Please tell us about sporting events you have taken part in or have coming up.

    Events this year have been few and far between. Unfortunately, International and European Age Group races were cancelled, however I was able to squeeze in a middle distance event in the New Forest towards the end of August.

    The event was organised with strict social distancing protocols and the swim starts were set up at 30 second intervals. I have a swimming background and usually I focus on the standard distance races where the swimming is a more significant proportion of the race. The weather wasn't kind to us on the day and we raced in the rain through the beautiful New Forest, and despite taking a tumble on my bike I was able to complete the course in 4 hours 49 minutes. I was pleased with my efforts and managed an overall 15th place, and recorded the fastest swim time and achieved a first in my age group.

    During September I competed in a Be Endurance open water event at Herts Young Mariners Base in Cheshunt. My race was two laps of 750m and I managed to fight off the threat from the young club swimmers, who swam in my slipstream for the first 1k. The last few hundred metres were tough but I had created a sufficient gap between second place and myself to come home first.

    Throughout the winter, I usually enter a few duathlons, in an attempt to keep up some race sharpness, however, after the recent government announcement, I suspect I may need to wait to race again until 2021.

    Tell us about your journey to fitness? Where did it all start?

    I was a very active youngster and won several 3-legged races in the cub scouts. Like many boys of my era, my first love was playing all ball sports and I played football for my junior school at a very young age. At the age of 11, I had an unsuccessful trial at my local swimming club. Despite the assertion from the swim coach that I'd never be able to competitively swim a mile, I went on to swim for Team GB against the world record holder 10 years later.

    What are your training goals now?

    My two goals for next summer are to win the European and World Championships in my age group, however at this moment it's time to focus on the process of training twice a day. As a more mature triathlete, I'm working on my strength and staying fit, healthy and injury-free.

    Tell us one unusual fact we wouldn’t know about you:

    As a young child, I remember banging my head on the floor if I didn't get my way. Fortunately, I show a little more emotional maturity now I'm 59 years of age and I channel my determination in a less painful way.

    What advice do you wish you'd been given when you first started out?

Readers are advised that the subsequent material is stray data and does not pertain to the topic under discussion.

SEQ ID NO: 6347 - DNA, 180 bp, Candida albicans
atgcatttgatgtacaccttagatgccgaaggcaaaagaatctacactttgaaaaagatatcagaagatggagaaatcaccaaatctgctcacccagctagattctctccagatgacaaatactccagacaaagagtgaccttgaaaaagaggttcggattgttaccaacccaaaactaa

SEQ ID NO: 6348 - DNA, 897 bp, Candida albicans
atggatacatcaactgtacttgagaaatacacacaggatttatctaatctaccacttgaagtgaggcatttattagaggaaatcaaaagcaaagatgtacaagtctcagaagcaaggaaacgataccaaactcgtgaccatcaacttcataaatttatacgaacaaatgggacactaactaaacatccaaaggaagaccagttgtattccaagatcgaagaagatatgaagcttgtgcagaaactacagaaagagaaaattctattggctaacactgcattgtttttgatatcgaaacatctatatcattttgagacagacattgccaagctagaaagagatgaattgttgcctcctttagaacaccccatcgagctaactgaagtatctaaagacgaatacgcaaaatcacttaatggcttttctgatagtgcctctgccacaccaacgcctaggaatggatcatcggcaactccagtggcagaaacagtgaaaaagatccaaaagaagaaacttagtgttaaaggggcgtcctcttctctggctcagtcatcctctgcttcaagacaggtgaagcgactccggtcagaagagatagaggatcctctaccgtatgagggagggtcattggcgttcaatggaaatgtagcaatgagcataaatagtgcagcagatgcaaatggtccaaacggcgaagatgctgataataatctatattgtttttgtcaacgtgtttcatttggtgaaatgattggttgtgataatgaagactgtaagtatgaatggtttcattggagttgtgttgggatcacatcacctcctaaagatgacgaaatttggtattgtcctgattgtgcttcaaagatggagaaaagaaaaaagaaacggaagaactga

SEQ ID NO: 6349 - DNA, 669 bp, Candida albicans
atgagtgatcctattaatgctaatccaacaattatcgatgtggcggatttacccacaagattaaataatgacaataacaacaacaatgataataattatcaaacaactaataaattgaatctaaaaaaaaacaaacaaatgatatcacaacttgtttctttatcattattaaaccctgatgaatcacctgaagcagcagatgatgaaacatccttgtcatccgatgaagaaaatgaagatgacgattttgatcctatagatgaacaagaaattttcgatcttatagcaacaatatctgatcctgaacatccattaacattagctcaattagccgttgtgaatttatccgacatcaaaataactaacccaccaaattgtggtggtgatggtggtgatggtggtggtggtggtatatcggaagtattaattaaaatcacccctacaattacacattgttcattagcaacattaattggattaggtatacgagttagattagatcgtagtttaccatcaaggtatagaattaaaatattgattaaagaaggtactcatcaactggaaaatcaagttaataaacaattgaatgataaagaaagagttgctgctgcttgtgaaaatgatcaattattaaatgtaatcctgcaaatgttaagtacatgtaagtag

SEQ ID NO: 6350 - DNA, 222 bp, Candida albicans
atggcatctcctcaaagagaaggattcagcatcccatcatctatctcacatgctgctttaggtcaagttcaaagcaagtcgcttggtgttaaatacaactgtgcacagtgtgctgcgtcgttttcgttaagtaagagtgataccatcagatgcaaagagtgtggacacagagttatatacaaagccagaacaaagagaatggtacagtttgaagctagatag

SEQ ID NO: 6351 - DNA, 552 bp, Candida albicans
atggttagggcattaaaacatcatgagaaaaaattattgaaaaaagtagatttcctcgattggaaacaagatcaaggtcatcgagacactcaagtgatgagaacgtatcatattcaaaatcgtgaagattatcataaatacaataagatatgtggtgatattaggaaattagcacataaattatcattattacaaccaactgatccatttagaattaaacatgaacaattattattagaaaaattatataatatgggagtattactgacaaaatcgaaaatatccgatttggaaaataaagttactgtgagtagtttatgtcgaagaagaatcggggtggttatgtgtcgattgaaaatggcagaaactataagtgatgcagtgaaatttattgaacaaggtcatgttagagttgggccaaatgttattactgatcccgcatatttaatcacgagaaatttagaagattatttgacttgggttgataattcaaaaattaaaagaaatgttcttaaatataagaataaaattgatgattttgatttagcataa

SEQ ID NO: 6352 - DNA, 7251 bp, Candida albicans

Even though I wanted to be the first man on the moon and was a little disappointed when Neil Armstrong beat me to this achievement, I wish I'd had more support from my school teachers. Despite the encouragement of my parents to be whatever I wanted to be, there were few teachers in my school years that believed in my sporting potential. I had two stand-out swimming coaches who supported me to achieve my potential as a competitive swimmer. I only wish that my school teachers had shown a little more understanding of how I should best combine my education and sporting goals.

    Do you follow a specific nutrition plan? If so, what/when do you eat?

    I don't follow a specific nutrition plan. On the whole, I eat a healthy and vegetable orientated diet. My main weakness is chocolate!

    What do you do to keep your clients motivated? Do you have any top tips to keep motivated?

    I'm a firm believer that motivation comes from within. First and foremost, clients need to take responsibility for their own emotional and physical well-being. I build on a person's strengths to provide them with the confidence to change things or stick to the plan, even if they occasionally slip up. Whilst goal setting plays an important part in setting out the direction of travel, I think it's important to try and enjoy the journey.

    Talk us through your training regime.

    My weekly regime includes an 80% and 20% blend of low to high intensity training. I incorporate some VO2 max threshold interval work with low level level endurance heart rate training. During the season, I'll introduce more race pace sets and have a little more rest, particularly leading up to races. On the whole, I train for between 15 and 18 hours a week. This may climb to around 22 hours a week in the late Spring and drop to 12 hours a week in the autumn. Each week I swim for 4 to 5 hours, bike for 8 hours, run for around 2 to 3 hours and 2 hours of S&C.

    How do you keep your fitness knowledge up to date?

    I listen to podcasts, however, I've worked in the fitness industry industry for over 3 decades so I stay abreast of new developments and ideas through the trade press and media.

    What are your top 3 trainer tips?

    1. Keep your weight under control without losing muscle mass and strength.